Thursday, December 6, 2018

Guilford College and Every Campus a Refuge...A Case Study

The Association of American Colleges & Universities featured Guilford College in North Carolina in the group's December News, "Every Campus a Refuge: Guilford College's Powerful Effort to Help Refugees Resettle." The case study provides background information on the college and community Every Campus a Refuge (ECAR) initiative has hosted forty-two people from a variety of countries.

Diya Abdo, associate professor of English at Guilford served as a catalyst for the effort. She worked with campus administrators and Guilford's Center for Principled Problem Solving (CPPS) to both meet needs of refugees and develop links to Guilford's curriculum that include a cohort-based Principled Problem Solving Experience (PPSE) Minor.

Over 150 students, faculty, staff, and community members have participated in providing "...refugees with an on-campus faculty house, furniture from the college’s warehouse, and utilities including water, electricity, and internet. They also give families food from the campus’s farm on weekly basis, and in some cases they provided a semester of cafeteria meals. ECAR organizes donation drives for other items like clothes, food, and toys, and refugees can use bikes that had been abandoned or confiscated on campus."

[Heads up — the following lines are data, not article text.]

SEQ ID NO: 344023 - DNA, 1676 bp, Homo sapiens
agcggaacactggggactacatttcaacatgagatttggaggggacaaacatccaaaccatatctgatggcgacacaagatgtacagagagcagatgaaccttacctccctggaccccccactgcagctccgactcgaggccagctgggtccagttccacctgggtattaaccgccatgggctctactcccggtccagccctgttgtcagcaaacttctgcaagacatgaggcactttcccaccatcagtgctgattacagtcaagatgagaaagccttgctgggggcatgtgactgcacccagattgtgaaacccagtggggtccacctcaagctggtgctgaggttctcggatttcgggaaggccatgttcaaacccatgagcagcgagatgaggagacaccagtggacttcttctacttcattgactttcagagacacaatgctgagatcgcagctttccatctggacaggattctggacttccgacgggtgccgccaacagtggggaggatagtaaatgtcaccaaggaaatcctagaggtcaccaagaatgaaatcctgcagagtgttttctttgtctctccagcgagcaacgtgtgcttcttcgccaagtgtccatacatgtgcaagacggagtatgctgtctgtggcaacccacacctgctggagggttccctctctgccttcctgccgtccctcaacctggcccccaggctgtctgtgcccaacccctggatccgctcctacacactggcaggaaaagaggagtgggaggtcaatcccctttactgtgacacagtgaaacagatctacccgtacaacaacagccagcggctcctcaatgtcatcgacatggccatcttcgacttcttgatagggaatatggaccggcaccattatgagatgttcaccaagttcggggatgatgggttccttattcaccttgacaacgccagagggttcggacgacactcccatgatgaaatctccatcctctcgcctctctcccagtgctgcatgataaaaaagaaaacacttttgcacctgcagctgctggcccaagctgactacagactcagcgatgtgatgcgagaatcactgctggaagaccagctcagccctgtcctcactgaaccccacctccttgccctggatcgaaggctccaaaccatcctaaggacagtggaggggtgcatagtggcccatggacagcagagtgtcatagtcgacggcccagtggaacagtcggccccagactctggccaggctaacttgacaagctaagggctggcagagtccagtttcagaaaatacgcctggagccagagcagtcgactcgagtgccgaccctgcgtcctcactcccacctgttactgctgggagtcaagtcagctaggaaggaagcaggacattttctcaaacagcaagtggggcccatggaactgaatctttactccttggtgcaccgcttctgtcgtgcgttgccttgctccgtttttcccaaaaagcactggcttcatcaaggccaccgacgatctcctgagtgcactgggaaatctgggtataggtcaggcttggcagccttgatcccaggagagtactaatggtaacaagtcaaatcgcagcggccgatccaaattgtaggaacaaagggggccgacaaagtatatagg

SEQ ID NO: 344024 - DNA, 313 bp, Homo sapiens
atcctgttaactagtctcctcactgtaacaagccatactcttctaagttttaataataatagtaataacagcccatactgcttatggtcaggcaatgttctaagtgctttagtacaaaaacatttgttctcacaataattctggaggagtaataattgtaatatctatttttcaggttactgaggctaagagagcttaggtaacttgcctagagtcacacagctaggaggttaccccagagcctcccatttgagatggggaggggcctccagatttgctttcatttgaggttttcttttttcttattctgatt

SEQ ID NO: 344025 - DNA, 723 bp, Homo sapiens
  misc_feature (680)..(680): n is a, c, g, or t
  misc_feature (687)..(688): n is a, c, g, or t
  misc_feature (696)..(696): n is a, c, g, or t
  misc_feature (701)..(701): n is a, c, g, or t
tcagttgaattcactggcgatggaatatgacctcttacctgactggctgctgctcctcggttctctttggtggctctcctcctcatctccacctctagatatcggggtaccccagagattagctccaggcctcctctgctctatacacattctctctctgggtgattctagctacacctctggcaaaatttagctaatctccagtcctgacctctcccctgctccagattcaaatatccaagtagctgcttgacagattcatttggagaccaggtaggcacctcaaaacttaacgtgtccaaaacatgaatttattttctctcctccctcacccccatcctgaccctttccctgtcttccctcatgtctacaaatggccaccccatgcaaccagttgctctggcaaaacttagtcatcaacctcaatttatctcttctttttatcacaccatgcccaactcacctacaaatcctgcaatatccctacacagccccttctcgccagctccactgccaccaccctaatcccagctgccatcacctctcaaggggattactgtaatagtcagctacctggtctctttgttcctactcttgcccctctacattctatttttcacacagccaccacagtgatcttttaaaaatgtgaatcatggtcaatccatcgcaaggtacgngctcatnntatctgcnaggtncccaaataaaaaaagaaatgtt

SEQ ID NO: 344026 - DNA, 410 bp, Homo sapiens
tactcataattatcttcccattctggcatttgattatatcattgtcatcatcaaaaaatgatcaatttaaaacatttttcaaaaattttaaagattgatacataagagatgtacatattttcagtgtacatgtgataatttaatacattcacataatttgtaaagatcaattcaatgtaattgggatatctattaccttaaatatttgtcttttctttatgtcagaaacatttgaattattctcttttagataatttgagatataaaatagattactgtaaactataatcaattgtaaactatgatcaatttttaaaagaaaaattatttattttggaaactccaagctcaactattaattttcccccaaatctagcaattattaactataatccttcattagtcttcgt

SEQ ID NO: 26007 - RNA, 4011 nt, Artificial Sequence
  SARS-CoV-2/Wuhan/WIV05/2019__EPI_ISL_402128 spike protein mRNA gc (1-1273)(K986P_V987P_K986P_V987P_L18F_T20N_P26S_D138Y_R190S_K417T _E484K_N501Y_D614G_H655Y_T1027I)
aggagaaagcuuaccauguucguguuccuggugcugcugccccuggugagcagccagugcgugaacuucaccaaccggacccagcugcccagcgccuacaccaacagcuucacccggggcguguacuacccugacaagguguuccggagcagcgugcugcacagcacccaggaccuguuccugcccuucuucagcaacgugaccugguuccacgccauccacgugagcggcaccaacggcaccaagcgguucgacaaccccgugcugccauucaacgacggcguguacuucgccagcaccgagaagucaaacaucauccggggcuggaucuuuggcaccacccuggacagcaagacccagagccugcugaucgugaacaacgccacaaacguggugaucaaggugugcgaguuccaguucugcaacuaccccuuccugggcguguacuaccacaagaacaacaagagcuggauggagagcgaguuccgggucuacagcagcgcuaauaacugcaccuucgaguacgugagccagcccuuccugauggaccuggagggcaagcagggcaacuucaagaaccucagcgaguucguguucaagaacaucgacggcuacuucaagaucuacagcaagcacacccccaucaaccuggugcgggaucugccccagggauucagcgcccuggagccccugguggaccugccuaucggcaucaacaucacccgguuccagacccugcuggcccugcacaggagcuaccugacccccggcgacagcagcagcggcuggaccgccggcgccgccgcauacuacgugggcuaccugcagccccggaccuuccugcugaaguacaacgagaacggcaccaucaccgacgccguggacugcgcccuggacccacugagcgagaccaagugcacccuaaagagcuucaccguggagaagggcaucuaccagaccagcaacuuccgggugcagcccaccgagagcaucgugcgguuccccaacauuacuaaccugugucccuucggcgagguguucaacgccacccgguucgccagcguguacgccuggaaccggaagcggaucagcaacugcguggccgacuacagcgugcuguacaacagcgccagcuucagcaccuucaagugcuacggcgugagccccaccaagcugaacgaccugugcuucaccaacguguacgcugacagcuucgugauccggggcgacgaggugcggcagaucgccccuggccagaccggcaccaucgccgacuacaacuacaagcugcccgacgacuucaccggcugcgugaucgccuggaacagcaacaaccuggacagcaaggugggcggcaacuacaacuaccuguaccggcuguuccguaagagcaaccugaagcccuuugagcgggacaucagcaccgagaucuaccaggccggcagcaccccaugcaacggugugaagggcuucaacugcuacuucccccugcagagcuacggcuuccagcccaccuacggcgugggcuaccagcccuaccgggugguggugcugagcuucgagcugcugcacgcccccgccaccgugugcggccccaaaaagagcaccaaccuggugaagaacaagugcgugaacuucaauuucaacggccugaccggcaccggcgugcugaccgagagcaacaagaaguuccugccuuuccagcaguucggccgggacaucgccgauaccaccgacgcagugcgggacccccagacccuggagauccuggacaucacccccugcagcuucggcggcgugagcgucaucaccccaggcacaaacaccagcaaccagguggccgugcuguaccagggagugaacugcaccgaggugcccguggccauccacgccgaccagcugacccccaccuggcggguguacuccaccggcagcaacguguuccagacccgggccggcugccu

You can visit the Guilford website for more information on Every Campus a Refugee or the Center for Principled Problem Solving (CPPS) that supports initiatives designed to solve real-world problems by applying the knowledge and skills gained through hands-on education and innovative research.

Tuesday, October 16, 2018

Bowdoin New Roux Center Symbolizes Environmental Commitment


Bowdoin College in Brunswick, Maine dedicated a new building symbolizing an institutional focus on the environment. Named the Roux Center, it was built to the highest standards of “green” architecture and earned a LEED Platinum certification.


The Center was funded by a lead gift of $10 million from David and Barbara Roux and it was designed to bring together faculty and students from across the College’s curriculum, fostering collaboration and creativity in the teaching and study of the environment.
You can read more details of the design process and construction of the Roux Center's innovative features in "Bowdoin's new Roux Center isn't just another academic building," with reporting by Maureen Milliken in Mainebiz and published on October 10, 2018.

Thursday, October 11, 2018